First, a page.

The Role of Amino Acid Position and Side Chain Structure in Serological and CTL-Defined Epitopes on the HLA-A2.1 Molecule

  • K. T. Hogan
  • C. Clayberger
  • N. Shimojo
  • W. E. Biddison
  • A. M. Krensky
  • V. H. Engelhard
Conference paper

Abstract

A major focus of current immunological research is to determine the structure-function relationships of class I MHC molecules. The determination of the three-dimensional structure of HLA-A2.1 by Bjorkman et al. (1987a, 1987b) has significantly advanced our ability to achieve this goal. The α3 domain, which composes the membrane proximal region of the molecule, has a structure similar to that of the constant region of immunoglobulin, and primarily associates with β2- microglobulin. The membrane distal region consists of the α1 and α2 domains which interact to form a β-sheet platform, on top of which reside two antiparallel α-helices that are separated by a long groove. It was hypothesized that this groove acts as the binding site for peptides that are recognized by the TCR in association with class I molecules and in fact, an unidentified peptide(s) was associated with this groove in the crystal structure. An analysis of the crystallographic structure of HLA-A2.1 reveals that nearly all of the side chains of the polymorphic residues are oriented such that they point into the groove of the molecule and thus could be important in mediating contact with peptide, or they point upward from the α-helices and may thus be important in interacting with the TCR (Parham et al. 1988).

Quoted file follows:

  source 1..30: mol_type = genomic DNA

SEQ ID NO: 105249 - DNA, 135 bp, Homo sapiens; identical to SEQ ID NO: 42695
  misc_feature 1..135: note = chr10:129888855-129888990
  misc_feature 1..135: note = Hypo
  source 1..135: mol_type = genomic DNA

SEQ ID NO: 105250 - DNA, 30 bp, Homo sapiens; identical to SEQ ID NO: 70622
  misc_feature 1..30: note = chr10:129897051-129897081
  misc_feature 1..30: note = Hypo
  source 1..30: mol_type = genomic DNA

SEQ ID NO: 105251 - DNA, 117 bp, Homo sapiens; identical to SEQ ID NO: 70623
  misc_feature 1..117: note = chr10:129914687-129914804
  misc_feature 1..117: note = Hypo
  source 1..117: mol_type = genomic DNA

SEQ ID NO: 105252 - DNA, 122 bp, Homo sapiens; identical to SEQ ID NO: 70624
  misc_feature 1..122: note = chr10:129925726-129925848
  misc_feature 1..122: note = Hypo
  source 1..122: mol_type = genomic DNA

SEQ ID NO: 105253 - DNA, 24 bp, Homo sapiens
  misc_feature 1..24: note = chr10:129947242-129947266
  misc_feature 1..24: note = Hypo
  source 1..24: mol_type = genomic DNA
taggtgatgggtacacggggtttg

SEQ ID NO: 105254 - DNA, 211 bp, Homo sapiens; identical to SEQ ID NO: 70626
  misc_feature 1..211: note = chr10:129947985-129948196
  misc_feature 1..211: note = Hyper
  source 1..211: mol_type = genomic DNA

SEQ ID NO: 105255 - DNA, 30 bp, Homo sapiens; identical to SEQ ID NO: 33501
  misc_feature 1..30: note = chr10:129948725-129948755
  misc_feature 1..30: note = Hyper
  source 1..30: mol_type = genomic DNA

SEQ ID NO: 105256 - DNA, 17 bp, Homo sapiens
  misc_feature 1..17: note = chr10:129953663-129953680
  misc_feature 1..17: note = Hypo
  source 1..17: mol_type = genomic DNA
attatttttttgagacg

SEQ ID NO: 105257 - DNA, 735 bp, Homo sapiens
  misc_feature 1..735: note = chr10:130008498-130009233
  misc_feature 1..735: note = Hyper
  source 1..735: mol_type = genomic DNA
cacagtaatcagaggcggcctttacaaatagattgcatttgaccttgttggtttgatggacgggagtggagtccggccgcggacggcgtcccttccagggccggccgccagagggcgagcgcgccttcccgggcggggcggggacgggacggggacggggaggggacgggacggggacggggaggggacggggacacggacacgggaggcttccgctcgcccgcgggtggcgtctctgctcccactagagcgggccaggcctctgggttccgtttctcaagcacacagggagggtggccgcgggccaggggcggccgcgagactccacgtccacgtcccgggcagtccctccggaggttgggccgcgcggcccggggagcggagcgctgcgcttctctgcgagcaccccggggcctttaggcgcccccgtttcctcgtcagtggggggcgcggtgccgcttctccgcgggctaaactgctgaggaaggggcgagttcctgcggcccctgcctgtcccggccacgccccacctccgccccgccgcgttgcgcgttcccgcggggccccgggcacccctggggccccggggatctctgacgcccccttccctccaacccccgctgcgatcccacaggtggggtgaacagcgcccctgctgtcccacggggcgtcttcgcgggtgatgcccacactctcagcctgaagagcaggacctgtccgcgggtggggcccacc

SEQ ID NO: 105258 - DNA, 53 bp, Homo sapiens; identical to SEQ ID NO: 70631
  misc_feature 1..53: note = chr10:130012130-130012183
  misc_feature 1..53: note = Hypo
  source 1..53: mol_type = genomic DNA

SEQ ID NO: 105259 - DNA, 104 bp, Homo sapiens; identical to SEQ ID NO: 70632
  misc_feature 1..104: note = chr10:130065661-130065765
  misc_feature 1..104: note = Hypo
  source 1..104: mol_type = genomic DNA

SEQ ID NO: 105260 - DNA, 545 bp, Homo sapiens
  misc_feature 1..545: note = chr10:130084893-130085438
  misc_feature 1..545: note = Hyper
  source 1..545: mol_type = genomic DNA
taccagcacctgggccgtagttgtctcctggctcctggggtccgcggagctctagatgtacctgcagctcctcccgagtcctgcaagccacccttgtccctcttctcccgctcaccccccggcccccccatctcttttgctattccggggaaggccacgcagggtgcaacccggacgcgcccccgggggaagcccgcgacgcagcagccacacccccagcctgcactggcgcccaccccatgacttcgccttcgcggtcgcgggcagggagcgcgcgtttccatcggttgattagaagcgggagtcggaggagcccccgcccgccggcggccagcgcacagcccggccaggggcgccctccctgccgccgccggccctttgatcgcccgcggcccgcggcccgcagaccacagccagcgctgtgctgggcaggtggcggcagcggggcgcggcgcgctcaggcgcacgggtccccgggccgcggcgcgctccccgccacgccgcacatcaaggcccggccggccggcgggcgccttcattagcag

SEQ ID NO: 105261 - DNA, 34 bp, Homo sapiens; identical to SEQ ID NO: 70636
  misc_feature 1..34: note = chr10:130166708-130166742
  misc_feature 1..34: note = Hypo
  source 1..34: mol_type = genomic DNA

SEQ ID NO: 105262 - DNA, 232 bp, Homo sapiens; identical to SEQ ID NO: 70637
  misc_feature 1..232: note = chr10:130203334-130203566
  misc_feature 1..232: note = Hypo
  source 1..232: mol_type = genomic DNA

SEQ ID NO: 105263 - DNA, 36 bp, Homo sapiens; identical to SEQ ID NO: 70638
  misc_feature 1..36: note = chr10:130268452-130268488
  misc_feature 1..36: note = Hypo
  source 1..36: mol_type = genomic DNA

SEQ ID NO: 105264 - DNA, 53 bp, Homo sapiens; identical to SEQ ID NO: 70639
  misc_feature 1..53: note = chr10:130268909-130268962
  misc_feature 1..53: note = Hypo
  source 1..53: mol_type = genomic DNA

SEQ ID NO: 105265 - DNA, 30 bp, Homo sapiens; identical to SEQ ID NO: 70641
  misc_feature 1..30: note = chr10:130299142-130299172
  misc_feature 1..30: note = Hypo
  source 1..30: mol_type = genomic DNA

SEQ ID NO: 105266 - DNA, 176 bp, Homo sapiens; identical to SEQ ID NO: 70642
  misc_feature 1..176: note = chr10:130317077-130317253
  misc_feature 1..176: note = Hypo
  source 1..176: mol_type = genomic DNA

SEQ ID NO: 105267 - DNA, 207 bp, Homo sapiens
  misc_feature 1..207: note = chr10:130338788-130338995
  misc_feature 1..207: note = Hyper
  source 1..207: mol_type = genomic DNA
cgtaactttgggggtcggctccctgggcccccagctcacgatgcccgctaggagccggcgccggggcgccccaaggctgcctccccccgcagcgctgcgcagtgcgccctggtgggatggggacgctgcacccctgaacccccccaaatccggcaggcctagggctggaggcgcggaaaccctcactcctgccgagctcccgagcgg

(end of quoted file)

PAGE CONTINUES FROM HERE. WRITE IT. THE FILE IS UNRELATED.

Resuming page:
Keywords

Influenza Val152 Prefix Ferrone Bluestone 

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Copyright information

© Springer-Verlag Berlin Heidelberg 1990

Authors and Affiliations

  • K. T. Hogan
    • 1
  • C. Clayberger
    • 2
  • N. Shimojo
    • 3
  • W. E. Biddison
    • 3
  • A. M. Krensky
    • 2
  • V. H. Engelhard
    • 4
  1. 1.Department of MicrobiologyMedical College of WisconsinMilwaukeeUSA
  2. 2.Department of PediatricsStanford UniversityStanfordUSA
  3. 3.Neuroimmunology Branch, NINCDSNIHBethesdaUSA
  4. 4.Department of MicrobiologyUniversity of VirginiaCharlottesvilleUSA

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